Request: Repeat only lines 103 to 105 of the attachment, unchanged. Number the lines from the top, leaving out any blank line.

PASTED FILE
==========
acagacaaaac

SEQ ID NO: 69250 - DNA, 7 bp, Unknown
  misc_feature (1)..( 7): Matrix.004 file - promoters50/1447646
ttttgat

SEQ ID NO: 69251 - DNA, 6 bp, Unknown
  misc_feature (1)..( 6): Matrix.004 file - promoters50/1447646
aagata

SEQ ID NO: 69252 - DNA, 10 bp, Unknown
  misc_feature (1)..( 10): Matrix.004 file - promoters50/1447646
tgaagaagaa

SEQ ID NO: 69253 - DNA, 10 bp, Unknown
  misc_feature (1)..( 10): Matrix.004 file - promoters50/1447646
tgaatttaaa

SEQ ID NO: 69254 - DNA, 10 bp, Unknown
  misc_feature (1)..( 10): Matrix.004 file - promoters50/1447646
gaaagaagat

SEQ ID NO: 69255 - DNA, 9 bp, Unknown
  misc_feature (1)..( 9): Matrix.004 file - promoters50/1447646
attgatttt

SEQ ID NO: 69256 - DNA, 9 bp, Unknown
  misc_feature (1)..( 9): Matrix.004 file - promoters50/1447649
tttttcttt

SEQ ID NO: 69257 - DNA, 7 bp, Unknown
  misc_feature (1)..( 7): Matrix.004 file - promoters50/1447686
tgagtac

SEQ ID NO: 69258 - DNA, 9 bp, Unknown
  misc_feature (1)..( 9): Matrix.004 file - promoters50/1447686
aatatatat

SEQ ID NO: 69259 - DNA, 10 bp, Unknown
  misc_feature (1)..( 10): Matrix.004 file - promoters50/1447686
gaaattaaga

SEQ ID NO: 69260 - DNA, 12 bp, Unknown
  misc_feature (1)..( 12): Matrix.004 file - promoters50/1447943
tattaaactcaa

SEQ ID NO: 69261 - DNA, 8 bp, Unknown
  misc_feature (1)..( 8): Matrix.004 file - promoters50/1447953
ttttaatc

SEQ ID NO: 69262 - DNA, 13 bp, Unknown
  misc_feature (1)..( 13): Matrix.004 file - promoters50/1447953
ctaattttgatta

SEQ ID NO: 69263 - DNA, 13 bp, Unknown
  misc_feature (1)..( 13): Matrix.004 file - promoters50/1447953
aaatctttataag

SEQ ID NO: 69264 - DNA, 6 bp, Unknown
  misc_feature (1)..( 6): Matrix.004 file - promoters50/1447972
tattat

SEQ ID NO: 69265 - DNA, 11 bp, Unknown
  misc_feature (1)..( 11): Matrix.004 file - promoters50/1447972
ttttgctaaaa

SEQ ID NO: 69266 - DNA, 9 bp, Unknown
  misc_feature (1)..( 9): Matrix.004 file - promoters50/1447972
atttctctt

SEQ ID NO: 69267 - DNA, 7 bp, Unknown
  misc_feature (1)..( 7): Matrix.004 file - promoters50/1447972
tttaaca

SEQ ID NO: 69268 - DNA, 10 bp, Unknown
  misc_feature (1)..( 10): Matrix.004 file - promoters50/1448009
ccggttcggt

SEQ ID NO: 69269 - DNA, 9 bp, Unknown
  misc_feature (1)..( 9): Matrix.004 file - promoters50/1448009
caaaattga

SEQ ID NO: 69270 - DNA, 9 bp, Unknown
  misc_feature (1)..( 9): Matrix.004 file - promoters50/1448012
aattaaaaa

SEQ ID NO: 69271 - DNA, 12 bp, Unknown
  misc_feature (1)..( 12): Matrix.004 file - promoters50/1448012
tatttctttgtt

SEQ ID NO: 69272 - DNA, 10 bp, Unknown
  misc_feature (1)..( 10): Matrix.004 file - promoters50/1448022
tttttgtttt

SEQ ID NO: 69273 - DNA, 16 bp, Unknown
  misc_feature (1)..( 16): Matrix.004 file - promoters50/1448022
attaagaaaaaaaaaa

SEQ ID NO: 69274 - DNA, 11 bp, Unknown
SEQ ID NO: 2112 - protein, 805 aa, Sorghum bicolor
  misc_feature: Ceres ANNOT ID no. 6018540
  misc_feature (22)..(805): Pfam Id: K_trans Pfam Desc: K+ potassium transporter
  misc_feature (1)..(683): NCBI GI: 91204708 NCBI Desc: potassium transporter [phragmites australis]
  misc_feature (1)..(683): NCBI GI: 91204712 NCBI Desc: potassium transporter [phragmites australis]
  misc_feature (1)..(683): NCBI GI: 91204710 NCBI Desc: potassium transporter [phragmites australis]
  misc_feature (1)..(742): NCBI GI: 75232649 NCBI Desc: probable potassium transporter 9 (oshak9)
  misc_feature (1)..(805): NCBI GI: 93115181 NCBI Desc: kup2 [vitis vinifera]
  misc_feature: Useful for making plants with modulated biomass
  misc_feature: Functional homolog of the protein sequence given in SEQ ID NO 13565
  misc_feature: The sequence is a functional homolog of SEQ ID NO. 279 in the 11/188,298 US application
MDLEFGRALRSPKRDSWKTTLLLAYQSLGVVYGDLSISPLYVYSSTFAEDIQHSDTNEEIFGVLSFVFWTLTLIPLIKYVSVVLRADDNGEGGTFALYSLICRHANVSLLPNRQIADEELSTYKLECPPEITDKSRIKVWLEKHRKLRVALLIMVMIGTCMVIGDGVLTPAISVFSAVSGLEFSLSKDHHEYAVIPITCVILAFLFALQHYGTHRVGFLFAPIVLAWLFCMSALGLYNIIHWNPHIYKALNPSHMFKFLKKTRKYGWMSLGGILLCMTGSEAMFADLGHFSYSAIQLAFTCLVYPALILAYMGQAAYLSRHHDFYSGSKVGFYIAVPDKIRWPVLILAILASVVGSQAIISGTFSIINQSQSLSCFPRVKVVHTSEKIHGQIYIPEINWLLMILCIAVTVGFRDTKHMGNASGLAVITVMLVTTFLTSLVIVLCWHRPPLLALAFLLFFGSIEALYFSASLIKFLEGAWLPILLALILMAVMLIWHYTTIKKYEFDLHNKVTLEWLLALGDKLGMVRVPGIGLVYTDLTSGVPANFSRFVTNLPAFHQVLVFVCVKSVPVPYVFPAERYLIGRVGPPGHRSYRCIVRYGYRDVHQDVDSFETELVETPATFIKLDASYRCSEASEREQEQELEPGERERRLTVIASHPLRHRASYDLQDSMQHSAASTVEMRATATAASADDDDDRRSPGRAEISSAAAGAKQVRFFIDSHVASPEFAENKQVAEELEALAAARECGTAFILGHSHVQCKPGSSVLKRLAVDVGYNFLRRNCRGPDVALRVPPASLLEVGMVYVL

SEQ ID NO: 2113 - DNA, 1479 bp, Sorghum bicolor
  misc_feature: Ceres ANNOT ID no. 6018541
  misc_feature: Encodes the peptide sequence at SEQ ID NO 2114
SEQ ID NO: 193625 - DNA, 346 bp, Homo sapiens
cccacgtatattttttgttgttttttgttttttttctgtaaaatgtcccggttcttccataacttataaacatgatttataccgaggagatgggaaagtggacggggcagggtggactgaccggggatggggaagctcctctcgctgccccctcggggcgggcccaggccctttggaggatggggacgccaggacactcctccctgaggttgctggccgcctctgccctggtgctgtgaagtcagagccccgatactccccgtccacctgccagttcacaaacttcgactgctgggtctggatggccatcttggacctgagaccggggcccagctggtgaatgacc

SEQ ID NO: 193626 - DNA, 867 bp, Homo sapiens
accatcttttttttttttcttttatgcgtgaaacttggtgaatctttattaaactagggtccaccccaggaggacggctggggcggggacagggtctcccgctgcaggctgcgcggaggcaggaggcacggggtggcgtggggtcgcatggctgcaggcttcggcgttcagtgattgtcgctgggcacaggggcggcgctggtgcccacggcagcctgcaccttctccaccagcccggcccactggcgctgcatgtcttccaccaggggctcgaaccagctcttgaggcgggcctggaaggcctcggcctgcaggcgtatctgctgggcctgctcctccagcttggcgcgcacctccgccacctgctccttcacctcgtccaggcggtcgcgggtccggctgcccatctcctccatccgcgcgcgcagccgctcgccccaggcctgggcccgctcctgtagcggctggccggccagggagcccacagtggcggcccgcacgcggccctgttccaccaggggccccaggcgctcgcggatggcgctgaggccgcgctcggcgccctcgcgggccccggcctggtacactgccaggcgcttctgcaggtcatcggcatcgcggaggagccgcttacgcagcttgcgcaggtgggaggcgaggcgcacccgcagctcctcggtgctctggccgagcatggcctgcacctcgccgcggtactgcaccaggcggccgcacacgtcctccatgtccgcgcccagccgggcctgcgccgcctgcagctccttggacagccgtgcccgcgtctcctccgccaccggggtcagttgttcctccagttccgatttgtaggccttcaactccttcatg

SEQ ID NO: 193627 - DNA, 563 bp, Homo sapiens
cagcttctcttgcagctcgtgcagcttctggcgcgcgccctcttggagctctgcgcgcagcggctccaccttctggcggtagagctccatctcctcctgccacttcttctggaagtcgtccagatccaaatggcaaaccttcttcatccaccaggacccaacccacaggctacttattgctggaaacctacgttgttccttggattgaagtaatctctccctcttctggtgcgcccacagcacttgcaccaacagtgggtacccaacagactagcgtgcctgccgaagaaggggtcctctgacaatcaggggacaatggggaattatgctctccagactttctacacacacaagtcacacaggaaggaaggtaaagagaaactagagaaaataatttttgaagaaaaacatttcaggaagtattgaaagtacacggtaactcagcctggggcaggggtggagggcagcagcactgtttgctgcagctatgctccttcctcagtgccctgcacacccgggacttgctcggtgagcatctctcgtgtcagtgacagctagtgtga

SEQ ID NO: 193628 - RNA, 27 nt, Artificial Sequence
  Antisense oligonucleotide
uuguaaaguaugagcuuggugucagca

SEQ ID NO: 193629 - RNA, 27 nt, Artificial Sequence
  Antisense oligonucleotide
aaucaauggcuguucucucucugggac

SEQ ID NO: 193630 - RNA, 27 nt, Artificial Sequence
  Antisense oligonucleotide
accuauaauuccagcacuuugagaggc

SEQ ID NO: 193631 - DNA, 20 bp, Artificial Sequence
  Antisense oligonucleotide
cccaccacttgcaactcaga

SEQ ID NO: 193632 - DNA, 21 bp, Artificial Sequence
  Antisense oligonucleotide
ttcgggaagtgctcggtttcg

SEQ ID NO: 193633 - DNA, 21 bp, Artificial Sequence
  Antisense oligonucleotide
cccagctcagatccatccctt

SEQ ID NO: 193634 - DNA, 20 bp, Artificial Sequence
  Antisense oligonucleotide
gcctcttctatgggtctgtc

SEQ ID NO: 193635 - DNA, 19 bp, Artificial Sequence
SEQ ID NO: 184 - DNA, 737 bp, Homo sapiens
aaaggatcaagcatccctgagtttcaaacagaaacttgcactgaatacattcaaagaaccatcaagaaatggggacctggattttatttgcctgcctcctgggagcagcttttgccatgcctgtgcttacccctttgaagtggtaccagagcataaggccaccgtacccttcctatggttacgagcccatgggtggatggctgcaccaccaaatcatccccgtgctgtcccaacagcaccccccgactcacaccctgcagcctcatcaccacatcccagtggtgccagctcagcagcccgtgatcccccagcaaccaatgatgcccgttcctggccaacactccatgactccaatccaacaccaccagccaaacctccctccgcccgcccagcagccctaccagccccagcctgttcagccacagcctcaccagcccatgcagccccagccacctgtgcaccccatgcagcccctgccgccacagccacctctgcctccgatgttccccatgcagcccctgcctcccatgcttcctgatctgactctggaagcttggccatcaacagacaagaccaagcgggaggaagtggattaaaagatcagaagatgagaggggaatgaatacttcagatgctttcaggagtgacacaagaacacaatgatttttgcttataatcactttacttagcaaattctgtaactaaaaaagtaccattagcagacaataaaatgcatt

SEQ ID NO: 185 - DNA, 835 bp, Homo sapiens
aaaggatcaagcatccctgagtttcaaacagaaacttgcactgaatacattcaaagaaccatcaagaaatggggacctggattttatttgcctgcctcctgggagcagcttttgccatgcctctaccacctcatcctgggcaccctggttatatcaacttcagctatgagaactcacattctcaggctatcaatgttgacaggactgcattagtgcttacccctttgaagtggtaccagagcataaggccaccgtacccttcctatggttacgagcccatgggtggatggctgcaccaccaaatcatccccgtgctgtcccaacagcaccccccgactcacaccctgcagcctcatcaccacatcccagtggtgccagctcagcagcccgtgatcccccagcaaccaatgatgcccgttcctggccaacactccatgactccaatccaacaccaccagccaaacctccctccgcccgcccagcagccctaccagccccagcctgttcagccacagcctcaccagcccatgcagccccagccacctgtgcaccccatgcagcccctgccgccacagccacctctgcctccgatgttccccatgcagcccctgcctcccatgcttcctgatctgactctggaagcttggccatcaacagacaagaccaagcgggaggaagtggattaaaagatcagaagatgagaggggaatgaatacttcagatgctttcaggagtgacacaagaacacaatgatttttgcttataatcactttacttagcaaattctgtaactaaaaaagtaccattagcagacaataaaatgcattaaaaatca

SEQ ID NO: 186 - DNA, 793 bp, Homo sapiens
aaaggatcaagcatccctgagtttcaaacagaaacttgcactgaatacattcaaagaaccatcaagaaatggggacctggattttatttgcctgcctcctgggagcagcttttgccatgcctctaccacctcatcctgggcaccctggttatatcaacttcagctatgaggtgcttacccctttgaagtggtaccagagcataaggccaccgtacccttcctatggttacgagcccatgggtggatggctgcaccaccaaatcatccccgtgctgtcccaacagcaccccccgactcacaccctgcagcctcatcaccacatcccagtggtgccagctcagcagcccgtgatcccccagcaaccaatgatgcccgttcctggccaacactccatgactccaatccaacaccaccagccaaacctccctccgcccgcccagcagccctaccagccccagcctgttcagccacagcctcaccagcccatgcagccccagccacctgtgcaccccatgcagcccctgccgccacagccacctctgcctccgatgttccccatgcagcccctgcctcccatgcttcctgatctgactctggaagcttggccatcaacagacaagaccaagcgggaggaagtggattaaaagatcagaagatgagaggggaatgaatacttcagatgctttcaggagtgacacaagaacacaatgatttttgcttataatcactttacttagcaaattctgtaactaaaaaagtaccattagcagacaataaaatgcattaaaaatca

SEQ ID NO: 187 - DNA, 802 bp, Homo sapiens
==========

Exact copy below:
  Antisense oligonucleotide
accuauaauuccagcacuuugagaggc

SEQ ID NO: 193631 - DNA, 20 bp, Artificial Sequence